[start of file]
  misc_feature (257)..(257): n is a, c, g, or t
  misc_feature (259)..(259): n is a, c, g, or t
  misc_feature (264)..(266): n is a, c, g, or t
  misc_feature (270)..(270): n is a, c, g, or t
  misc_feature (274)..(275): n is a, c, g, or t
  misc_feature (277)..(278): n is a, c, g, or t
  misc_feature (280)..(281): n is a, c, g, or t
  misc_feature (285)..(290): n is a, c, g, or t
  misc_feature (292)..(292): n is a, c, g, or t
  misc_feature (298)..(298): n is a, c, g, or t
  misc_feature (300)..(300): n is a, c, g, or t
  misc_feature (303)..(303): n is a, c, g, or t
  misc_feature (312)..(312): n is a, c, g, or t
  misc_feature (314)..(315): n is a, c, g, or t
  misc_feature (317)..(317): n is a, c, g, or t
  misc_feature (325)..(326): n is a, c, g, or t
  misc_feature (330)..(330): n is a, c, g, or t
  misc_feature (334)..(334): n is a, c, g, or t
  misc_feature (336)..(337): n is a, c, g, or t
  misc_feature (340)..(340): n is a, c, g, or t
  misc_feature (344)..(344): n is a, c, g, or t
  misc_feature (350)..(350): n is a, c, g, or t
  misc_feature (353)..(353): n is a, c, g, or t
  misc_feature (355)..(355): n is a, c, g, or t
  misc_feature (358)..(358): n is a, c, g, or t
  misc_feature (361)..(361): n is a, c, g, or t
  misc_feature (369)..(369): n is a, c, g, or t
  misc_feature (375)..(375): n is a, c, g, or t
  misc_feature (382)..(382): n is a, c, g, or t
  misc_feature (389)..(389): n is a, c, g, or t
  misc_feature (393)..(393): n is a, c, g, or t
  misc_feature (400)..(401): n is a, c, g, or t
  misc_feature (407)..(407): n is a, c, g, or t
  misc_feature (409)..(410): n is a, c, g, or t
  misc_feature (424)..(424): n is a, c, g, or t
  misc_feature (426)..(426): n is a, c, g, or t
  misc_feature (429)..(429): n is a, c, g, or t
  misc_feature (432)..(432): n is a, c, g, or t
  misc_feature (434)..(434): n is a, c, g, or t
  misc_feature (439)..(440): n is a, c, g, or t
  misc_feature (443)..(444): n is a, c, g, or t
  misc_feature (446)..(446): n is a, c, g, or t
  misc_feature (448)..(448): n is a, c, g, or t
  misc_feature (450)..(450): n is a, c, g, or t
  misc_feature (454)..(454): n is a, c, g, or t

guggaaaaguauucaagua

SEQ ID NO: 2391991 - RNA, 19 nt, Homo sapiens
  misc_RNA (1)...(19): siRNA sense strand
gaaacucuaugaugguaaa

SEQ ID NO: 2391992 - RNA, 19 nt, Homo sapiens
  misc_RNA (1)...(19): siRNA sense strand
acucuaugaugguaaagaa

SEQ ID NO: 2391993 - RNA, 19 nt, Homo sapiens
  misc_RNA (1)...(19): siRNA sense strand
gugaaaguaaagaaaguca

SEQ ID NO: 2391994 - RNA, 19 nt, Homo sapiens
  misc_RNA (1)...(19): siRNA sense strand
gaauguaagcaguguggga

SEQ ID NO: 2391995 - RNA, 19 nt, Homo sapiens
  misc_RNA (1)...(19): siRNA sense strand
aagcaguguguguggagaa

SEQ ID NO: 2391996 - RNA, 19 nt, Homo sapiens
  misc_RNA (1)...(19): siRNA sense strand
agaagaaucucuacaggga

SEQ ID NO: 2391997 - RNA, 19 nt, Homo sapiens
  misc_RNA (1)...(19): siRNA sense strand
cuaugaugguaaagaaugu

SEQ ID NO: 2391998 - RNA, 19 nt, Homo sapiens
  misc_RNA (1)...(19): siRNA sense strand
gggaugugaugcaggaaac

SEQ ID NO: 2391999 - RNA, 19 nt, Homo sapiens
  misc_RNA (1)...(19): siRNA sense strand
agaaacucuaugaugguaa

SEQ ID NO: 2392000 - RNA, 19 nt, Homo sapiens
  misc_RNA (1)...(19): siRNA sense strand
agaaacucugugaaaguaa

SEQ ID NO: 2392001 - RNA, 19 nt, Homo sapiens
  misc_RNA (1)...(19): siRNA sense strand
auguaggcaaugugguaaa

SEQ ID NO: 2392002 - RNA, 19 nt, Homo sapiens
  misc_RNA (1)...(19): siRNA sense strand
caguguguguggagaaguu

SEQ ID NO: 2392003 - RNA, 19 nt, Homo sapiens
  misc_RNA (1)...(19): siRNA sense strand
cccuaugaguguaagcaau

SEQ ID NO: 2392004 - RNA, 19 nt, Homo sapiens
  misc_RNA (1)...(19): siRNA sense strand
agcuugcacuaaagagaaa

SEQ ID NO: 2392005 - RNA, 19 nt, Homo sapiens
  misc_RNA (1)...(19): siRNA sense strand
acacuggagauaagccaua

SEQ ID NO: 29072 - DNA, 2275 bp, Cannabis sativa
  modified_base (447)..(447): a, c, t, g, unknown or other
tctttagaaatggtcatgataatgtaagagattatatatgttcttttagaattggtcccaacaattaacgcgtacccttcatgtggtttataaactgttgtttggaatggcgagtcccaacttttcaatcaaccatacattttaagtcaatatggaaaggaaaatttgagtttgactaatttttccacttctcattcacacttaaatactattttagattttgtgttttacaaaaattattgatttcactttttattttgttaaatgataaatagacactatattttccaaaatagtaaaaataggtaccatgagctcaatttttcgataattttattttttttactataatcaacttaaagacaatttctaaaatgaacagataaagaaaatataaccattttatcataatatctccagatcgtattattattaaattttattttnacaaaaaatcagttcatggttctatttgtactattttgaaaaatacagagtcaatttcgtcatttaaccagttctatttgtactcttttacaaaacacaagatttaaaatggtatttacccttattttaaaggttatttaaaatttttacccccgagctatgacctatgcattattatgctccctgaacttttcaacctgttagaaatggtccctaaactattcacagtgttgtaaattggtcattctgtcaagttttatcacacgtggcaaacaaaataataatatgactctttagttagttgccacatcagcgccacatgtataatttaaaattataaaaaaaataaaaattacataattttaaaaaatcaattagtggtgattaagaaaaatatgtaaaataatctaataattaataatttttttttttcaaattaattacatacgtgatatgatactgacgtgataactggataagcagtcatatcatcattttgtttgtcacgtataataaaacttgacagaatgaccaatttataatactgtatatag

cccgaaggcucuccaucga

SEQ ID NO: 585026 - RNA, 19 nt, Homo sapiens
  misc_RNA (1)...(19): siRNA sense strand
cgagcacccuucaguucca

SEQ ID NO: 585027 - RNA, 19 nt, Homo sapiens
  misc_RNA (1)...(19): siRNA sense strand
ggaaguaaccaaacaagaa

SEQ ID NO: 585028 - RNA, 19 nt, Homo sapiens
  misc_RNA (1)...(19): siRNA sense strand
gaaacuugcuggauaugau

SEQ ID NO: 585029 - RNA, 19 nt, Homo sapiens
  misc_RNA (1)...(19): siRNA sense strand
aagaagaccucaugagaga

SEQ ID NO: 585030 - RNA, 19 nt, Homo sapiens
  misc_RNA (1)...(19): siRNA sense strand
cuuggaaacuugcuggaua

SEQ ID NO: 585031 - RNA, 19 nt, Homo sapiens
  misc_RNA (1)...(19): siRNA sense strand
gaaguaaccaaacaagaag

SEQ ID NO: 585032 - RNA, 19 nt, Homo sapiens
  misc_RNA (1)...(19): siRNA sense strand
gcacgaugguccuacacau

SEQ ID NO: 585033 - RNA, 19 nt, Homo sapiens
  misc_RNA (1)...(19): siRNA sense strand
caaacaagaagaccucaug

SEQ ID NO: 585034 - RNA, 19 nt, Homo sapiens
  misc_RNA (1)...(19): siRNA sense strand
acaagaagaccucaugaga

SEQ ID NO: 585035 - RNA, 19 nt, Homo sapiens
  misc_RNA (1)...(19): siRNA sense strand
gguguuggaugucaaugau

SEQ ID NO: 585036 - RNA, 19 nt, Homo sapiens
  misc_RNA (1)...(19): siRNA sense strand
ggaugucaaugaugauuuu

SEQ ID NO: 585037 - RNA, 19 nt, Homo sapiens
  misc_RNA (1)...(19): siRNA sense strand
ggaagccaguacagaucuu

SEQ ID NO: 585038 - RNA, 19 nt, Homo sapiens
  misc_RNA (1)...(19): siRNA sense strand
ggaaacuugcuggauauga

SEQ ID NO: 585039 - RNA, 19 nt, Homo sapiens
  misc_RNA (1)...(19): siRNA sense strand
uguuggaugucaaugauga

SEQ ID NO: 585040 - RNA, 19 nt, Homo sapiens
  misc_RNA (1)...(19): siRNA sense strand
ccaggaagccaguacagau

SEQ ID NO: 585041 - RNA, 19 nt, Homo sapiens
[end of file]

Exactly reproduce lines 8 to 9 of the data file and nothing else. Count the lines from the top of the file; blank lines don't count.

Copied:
  misc_feature (285)..(290): n is a, c, g, or t
  misc_feature (292)..(292): n is a, c, g, or t